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New Amendments to the Public Records Act


June 10, 2015 by Paul Sullivan
Category: Public Records Act

New Amendments to the Public Records Act

Gov. Jay Inslee signs ESHB 1980 into law. Courtesy of Washington State Legislative Support Services.

The 2015 Legislature passed and the Governor signed five bills amending the Public Records Act (PRA) that affect local government public records procedures. These amendments go into effect on July 24, 2015.

ESHB 1980 enacts certain recommendations of the Sunshine Committee:

  • It expands the “personal information” that is exempt under RCW 42.56.230. It adds “financial information” as defined for purposes of identity theft crimes in RCW 9.35.005, including social security numbers. That definition also includes: account numbers and balances; transactional information concerning an account; and codes, passwords, tax identification numbers, driver's license or permit numbers, state identicard numbers issued by the department of licensing, and other information held for the purpose of account access or transaction initiation. (Oddly, there was previously no general exemption in the PRA for social security numbers or driver's license numbers.)
  • An exemption for information contained in a locally or regionally maintained gang database is added; previously, the exemption covered only the statewide gang database.
  • Personal information of participants in a ride-share program is not subject to disclosure, except for the participant's name, general location, and points of contact, which can be shared with those who apply for ride-matching services and who need that information in order to identify potential riders or drivers. The permission to provide personal information regarding transit passes or fare payment to the news media is eliminated.
  • Voluntarily submitted information contained in enhanced 911 emergency communication systems is exempt from disclosure. This information is exempt until it is used in an emergency response, after which it is exempt only if some other exemption applies. (Submitting this information in advance of an emergency situation is an option for people such as deaf persons, so that medical and other critical information is available to responders when a call is made during an emergency.) This information is included in a database for purposes of display when a person makes a call to 911. This exemption does not prohibit the display and dissemination of information at a public safety answering point to police, fire, or emergency medical responders. It also does not prohibit disclosure for making outgoing calls to provide notification of a community emergency event; database maintenance; or inspection or copying by either the subject of the information or an authorized representative of the subject. Update (6/11/2015) to clarify: This information is exempt until it is used in an emergency response, after which it is exempt only if some other exemption applies.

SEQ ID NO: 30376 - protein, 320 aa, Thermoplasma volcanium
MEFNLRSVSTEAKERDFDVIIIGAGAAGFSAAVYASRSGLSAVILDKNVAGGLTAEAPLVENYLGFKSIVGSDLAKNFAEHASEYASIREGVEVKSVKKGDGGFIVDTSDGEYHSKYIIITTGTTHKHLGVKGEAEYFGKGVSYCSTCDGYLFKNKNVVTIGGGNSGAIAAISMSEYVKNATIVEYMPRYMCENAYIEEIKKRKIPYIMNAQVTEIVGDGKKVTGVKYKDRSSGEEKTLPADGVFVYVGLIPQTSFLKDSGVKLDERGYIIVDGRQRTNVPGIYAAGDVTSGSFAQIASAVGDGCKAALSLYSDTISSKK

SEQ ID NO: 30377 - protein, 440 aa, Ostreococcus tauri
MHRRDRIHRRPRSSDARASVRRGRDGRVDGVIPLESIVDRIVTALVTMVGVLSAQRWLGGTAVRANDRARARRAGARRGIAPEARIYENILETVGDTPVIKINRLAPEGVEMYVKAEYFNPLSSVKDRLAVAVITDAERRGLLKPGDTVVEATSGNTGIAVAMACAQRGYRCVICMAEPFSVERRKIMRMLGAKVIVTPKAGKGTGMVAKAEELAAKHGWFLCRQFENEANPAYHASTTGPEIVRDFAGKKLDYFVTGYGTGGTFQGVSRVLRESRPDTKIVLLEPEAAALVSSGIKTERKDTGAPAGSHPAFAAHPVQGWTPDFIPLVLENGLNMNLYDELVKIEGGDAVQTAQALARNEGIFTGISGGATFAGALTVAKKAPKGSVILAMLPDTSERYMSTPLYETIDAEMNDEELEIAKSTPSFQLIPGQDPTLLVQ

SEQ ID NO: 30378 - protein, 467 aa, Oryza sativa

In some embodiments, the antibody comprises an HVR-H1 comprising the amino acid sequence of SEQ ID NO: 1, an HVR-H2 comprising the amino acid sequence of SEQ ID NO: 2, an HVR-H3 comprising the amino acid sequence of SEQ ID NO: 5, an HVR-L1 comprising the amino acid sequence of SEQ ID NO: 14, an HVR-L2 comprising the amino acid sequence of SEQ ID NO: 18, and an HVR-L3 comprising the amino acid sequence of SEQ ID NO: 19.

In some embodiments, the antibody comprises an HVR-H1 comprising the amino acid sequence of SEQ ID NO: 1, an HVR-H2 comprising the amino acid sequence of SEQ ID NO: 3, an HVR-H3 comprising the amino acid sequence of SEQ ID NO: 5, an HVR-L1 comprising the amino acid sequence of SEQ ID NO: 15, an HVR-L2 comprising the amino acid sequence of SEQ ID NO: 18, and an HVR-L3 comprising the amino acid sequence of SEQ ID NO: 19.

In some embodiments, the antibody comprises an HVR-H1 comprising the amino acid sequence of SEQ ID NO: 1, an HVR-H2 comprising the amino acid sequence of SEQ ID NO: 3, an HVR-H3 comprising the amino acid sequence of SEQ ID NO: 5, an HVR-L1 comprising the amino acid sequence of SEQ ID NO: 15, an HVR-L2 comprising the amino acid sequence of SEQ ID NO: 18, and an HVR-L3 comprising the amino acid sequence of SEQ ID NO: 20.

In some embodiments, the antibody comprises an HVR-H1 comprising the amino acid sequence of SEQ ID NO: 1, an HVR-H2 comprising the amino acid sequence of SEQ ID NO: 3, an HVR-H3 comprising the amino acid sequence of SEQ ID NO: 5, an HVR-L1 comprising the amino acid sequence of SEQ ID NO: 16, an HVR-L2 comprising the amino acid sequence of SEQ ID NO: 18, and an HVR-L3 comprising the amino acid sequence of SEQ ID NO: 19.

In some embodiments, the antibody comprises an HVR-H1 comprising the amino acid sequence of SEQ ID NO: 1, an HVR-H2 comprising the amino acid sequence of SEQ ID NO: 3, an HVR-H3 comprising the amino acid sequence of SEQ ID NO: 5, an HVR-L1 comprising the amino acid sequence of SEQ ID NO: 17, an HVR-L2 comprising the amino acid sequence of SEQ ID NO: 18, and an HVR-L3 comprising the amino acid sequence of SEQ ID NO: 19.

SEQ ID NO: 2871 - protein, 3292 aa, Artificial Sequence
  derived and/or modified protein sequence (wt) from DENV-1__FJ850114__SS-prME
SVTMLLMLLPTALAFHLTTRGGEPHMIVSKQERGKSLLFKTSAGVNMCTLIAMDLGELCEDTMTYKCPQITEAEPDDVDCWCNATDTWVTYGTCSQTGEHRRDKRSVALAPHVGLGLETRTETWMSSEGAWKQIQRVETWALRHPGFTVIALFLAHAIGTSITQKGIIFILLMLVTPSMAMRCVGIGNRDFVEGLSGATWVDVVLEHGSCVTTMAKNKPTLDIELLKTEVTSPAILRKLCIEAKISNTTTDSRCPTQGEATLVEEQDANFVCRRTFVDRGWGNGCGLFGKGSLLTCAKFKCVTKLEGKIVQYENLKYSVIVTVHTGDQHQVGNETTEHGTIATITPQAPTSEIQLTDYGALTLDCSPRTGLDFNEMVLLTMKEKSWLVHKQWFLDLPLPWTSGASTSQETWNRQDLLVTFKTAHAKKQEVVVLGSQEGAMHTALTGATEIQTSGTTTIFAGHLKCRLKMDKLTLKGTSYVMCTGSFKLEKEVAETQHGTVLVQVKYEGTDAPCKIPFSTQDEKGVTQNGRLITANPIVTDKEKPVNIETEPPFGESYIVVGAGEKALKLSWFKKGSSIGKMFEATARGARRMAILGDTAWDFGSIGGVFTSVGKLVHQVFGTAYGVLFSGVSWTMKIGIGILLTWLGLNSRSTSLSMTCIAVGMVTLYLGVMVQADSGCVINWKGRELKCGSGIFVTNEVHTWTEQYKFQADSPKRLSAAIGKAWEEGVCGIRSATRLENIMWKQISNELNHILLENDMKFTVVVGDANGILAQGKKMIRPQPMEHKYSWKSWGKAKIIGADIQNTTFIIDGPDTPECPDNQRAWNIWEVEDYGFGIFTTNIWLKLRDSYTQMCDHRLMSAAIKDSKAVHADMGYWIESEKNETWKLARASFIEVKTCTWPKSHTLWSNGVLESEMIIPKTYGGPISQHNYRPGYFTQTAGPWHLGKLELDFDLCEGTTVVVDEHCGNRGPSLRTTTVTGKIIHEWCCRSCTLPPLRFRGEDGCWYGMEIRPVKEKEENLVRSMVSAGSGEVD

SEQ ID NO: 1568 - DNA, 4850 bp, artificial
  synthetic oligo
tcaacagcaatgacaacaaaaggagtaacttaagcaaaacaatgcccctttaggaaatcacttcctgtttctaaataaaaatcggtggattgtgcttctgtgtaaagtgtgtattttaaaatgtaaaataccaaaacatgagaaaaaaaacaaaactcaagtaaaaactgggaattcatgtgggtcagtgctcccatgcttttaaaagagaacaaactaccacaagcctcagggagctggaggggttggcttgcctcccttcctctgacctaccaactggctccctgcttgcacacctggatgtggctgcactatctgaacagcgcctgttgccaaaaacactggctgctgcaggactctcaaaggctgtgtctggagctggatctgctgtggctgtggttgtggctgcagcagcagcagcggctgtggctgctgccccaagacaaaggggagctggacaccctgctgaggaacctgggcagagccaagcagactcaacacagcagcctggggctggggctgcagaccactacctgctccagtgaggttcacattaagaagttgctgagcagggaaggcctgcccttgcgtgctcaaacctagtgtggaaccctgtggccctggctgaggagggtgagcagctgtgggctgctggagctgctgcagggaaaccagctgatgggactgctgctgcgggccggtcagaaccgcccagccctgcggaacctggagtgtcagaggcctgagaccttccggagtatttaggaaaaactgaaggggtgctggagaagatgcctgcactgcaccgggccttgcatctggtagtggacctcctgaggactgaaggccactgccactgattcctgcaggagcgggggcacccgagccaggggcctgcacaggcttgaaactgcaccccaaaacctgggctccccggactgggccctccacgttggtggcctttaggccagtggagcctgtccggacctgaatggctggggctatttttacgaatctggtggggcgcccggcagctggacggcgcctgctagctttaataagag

Section 1 of ESHB 1980 relating to background information on guardians ad litem was vetoed.

Four other bills amended sections of the PRA:

  • HB 1554 exempts personal information of family members or guardians of a child enrolled in a child care or a youth program, such as one offered by a parks and recreation program, if the disclosure would result in the disclosure of a child's personal information. The exemption applies if the family member or guardian has the same last name of the child or if they reside at the same address as the child.
  • SB 5482 exempts Global Positioning System (GPS) data that indicates the location of the residence of an employee of a criminal justice agency. A criminal justice agency is a court or any other agency performing and allocating a substantial part of its budget to the detection, apprehension, detention, pretrial release, post-trial release, prosecution, adjudication, correctional supervision, or rehabilitation of accused persons or criminal offenders.
  • HB 1431 exempts documents related to an agency's real estate transactions, if they have been prepared for the purpose of considering the selection of a site or the acquisition of property by lease or purchase, if public knowledge of such consideration would likely cause an increase in the property price. The amendment also exempts such documents if a sale of property is being considered, if public knowledge would likely cause a decrease in the price. The exemption includes those documents prepared for an executive session. The exemptions do not apply if disclosure is mandated by another statute or after the project or prospective project has been abandoned or all properties that are part of the project have been purchased, sold, or leased. No appraisal may be withheld for more than three years.
  • ESHB 1078 relates to security breaches. Under the amendment, the term “protected personal information” is no longer limited to computerized and unencrypted data. Minimum notice requirements of a breach are established. No notice is required if the breach is not reasonably likely to subject a consumer to risk of harm. Notice can be delayed if required for law enforcement purposes; otherwise, notice should be given within 45 days of the breach. If the breach involves 500 or more persons, notice must be given to the Attorney General. If an agency is covered under HIPAA and is compliant with HIPAA notification requirements, it is exempt from notification requirements (although, if more than 500 persons are affected by the breach, notice must be given to the Attorney General).

About Paul Sullivan

Paul has worked with local governments since 1974 and has authored MRSC publications on local elections, ordinances, and general local government operations. He also provides training on the Open Public Meetings Act.

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